A sound card, also known as an audio card or sound adapter, is an essential component of a computer that enables the processing and playback of audio signals. It is responsible for converting digital audio data into analog signals that can be played through speakers or headphones, and vice versa, converting incoming analog audio signals into digital data that can be processed by the computer.
Key Functions of a Sound Card:
- Audio Playback: One of the primary functions of a sound card is to play audio files, music, videos, or any other sound-related content on a computer. When the user plays a media file or watches a video, the sound card decodes the digital audio data and sends it to the speakers for playback.
- Audio Recording: Sound cards also provide the ability to record audio using microphones or other audio input devices. The sound card converts the analog audio signals from the microphone into digital data that can be processed and saved by the computer.
- Digital Signal Processing: Many sound cards come equipped with digital signal processing (DSP) capabilities. DSP allows for various audio effects and enhancements, such as surround sound, equalization, echo cancellation, and noise reduction.
- MIDI Support: Sound cards often have support for Musical Instrument Digital Interface (MIDI), which allows users to connect MIDI instruments like keyboards and synthesizers to the computer and use them to create music or control software synthesizers.
- Gaming and Multimedia: Sound cards are essential for gaming and multimedia experiences. They provide immersive audio effects and high-quality sound in games, movies, and other multimedia applications.
Types of Sound Cards:
- Integrated Sound Cards: Most modern computers come with integrated sound cards built directly into the motherboard. These sound cards are cost-effective and suitable for basic audio needs, such as playing system sounds and basic media playback.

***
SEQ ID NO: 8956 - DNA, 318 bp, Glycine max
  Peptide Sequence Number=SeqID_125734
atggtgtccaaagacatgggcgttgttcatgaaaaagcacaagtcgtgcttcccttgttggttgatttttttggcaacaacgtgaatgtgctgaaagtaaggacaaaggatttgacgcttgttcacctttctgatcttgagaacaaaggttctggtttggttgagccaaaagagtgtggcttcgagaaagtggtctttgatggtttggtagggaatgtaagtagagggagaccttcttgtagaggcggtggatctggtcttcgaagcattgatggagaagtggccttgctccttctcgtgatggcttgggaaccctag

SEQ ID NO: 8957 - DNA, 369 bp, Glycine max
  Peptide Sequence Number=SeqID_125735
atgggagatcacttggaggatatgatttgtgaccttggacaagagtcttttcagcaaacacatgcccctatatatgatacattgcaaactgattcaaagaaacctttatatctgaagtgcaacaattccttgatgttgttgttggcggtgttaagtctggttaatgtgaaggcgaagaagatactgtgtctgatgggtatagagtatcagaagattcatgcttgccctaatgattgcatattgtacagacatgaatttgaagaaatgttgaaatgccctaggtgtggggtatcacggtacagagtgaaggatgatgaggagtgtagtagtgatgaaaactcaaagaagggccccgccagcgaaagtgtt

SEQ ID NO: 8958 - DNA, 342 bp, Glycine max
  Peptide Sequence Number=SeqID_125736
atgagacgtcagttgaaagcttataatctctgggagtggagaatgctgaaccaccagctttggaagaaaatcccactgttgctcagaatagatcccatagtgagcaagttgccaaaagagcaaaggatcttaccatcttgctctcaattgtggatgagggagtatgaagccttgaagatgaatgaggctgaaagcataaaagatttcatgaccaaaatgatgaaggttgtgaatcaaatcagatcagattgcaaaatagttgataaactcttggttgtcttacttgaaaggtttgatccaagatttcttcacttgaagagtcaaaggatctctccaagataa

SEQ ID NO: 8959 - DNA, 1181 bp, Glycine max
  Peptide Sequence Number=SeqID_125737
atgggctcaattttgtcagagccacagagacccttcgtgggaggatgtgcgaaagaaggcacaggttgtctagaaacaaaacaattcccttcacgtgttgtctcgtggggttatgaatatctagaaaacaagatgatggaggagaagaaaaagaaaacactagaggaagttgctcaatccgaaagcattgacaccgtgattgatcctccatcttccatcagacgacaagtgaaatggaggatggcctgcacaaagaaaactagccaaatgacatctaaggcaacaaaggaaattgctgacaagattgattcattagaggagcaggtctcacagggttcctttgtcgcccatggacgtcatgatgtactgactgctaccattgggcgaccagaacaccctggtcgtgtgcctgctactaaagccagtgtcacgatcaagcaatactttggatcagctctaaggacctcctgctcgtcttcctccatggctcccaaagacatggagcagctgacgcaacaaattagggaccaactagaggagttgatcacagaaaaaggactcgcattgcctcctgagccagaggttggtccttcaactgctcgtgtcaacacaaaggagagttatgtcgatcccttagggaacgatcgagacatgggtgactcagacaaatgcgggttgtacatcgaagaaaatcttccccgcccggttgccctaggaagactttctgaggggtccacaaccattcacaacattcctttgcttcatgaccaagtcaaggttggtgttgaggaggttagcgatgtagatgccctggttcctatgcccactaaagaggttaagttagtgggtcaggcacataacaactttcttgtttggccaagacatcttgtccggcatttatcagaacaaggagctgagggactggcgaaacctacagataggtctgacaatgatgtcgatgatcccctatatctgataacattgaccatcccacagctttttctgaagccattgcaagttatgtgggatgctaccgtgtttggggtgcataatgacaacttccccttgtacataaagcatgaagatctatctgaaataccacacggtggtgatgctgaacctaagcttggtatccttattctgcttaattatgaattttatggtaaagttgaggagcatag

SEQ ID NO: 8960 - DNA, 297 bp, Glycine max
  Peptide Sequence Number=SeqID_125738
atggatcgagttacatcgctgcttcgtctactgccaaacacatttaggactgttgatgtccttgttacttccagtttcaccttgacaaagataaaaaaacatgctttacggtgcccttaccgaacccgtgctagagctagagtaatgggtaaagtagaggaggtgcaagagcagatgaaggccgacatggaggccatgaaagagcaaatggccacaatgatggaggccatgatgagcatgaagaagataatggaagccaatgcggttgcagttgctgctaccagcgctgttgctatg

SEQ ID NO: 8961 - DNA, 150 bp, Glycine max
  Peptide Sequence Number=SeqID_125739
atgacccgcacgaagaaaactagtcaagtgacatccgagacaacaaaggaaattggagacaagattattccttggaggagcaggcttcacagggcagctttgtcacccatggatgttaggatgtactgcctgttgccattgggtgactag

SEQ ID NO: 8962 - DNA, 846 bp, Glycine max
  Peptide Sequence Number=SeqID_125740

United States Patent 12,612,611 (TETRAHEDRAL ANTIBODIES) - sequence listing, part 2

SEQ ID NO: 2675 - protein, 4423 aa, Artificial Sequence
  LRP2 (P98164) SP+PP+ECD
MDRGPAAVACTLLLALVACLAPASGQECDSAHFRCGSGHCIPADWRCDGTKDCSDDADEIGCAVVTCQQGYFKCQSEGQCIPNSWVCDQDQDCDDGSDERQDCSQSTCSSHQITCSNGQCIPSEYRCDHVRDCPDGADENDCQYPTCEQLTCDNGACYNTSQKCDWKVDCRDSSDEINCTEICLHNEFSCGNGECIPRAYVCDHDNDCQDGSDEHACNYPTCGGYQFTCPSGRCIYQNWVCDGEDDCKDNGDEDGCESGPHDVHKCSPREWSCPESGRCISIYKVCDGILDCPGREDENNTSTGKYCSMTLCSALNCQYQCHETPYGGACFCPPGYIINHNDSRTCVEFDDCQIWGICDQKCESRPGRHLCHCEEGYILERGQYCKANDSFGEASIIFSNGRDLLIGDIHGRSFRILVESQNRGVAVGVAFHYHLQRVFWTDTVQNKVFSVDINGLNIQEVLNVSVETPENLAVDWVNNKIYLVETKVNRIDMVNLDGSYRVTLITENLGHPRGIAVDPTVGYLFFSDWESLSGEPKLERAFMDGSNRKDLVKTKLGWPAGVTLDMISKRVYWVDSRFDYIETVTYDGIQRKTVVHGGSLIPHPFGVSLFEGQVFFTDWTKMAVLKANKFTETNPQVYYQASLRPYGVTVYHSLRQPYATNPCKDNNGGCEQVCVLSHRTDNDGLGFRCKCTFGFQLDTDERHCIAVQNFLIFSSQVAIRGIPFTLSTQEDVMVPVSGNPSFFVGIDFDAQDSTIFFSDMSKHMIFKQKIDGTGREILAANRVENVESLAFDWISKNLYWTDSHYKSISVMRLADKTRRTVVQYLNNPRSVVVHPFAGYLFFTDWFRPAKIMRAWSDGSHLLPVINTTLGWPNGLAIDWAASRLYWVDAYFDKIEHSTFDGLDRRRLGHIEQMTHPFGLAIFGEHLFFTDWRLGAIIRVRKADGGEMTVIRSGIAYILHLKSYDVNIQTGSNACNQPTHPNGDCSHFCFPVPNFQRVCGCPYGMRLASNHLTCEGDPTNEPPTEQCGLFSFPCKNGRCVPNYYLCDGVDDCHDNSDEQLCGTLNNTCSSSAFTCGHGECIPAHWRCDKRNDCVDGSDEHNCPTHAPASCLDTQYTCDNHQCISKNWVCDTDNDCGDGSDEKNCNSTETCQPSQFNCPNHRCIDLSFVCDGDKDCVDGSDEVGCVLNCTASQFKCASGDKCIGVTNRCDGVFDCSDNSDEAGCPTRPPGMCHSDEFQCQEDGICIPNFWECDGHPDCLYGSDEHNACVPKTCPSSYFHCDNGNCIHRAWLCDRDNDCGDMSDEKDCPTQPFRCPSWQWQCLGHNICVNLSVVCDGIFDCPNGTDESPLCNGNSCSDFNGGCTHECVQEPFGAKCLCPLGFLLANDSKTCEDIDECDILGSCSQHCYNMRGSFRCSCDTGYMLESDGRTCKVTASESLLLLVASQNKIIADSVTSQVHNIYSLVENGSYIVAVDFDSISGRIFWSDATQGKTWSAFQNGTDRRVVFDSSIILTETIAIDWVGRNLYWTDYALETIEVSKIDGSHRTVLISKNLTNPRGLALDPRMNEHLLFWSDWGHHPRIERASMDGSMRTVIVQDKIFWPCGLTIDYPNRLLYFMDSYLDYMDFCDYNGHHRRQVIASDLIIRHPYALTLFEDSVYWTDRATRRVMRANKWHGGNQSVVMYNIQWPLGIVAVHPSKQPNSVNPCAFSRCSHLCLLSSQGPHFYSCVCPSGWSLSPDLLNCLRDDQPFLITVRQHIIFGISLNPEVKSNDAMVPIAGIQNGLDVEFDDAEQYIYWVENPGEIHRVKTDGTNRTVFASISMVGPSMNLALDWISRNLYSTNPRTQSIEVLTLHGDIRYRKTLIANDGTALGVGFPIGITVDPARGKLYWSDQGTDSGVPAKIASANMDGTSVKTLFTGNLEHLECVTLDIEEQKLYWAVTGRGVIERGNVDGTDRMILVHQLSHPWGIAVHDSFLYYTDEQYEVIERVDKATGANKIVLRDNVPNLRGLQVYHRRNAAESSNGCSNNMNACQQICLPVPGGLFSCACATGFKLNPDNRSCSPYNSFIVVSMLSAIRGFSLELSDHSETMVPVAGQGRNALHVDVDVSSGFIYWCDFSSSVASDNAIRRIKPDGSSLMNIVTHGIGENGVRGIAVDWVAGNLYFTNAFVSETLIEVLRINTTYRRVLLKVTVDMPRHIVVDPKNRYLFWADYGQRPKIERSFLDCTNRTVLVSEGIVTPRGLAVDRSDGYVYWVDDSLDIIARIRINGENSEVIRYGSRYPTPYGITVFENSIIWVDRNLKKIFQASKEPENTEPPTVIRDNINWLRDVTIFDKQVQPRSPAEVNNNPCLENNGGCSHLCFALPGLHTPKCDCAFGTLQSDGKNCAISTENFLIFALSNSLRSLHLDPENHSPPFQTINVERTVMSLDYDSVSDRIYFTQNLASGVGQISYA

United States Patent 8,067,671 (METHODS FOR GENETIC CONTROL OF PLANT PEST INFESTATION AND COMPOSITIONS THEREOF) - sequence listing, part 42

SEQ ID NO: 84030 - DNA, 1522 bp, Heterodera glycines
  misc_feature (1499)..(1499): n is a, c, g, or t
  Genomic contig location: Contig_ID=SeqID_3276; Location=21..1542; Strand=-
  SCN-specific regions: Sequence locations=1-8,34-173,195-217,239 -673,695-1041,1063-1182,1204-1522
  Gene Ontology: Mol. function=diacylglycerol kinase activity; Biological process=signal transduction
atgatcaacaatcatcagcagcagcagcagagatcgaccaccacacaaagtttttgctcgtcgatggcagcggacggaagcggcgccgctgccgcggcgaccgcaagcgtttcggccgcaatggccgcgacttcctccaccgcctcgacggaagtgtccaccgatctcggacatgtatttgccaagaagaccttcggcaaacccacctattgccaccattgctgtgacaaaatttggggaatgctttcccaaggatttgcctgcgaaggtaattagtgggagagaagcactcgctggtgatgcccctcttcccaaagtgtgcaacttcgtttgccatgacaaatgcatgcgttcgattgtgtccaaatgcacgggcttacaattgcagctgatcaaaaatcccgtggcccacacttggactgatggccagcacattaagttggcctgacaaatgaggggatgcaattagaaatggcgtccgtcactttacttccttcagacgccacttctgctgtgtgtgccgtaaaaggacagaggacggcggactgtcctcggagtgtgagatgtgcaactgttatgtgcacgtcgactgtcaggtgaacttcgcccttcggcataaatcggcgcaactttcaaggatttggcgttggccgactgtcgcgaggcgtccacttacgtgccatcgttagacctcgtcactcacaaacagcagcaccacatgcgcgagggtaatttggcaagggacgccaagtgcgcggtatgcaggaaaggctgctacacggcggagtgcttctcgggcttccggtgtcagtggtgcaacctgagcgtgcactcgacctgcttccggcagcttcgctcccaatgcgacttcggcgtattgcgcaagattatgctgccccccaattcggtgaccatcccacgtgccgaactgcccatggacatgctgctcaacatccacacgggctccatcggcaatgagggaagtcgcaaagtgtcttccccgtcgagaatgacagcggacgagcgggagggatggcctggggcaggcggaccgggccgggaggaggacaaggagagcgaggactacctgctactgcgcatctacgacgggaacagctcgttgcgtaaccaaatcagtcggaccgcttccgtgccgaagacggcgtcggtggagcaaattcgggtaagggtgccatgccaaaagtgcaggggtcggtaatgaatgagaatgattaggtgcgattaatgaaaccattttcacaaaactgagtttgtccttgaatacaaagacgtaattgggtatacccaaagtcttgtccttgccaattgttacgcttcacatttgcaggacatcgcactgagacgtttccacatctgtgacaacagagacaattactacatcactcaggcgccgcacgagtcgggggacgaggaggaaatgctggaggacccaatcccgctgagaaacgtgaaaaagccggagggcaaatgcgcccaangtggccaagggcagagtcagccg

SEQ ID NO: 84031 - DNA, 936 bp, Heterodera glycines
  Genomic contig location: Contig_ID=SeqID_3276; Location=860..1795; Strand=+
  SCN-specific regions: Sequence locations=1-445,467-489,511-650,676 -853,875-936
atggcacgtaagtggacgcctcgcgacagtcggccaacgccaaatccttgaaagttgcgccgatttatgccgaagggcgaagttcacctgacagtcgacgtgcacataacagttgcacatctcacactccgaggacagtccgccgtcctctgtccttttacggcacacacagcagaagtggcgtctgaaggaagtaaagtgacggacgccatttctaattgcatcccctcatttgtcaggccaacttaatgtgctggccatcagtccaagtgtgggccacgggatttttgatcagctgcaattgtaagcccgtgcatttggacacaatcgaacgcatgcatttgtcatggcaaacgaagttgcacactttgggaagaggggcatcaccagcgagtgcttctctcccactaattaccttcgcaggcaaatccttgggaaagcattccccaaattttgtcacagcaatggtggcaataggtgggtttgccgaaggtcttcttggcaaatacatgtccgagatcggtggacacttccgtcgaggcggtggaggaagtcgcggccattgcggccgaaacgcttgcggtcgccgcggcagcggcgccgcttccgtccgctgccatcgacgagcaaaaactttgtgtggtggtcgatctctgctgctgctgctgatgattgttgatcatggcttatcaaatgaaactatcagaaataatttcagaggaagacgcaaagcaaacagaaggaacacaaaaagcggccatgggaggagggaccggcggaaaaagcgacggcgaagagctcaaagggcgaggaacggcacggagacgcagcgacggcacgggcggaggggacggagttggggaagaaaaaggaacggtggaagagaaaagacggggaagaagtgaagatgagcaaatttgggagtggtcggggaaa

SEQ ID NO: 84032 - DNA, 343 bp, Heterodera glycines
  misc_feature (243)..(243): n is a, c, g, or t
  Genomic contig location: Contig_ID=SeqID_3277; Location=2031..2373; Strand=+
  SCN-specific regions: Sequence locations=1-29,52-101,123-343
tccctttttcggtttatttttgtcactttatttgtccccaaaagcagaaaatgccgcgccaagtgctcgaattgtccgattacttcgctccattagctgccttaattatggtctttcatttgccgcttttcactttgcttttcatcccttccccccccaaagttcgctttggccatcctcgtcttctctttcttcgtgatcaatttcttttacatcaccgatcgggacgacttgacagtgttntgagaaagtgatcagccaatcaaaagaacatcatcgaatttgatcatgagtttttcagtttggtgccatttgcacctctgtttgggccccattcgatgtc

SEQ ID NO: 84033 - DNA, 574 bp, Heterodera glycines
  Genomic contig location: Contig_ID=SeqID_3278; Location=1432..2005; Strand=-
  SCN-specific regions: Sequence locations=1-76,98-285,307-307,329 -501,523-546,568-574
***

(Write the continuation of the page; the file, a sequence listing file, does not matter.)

- Dedicated Sound Cards: For users who require higher audio quality and additional features, dedicated or discrete sound cards can be installed as separate expansion cards. Dedicated sound cards are popular among audiophiles, gamers, and multimedia enthusiasts.
Audio Interfaces and Connectors:
Sound cards have various audio interfaces and connectors to support different types of audio devices. Common audio interfaces include:
- Analog Audio Jacks: These jacks are used to connect speakers, headphones, and microphones to the sound card. The most common analog audio jacks are 3.5mm audio jacks.
- Digital Audio Interfaces: Some sound cards also have digital audio interfaces like S/PDIF (Sony/Philips Digital Interface) or HDMI, which allow for high-quality digital audio transmission to external devices.
The sound card is an essential component that enhances the audio capabilities of a computer, providing audio playback, recording, and various audio effects. Whether integrated into the motherboard or installed as a dedicated expansion card, the sound card plays a crucial role in delivering high-quality audio experiences for various applications, including music, gaming, multimedia, and communication.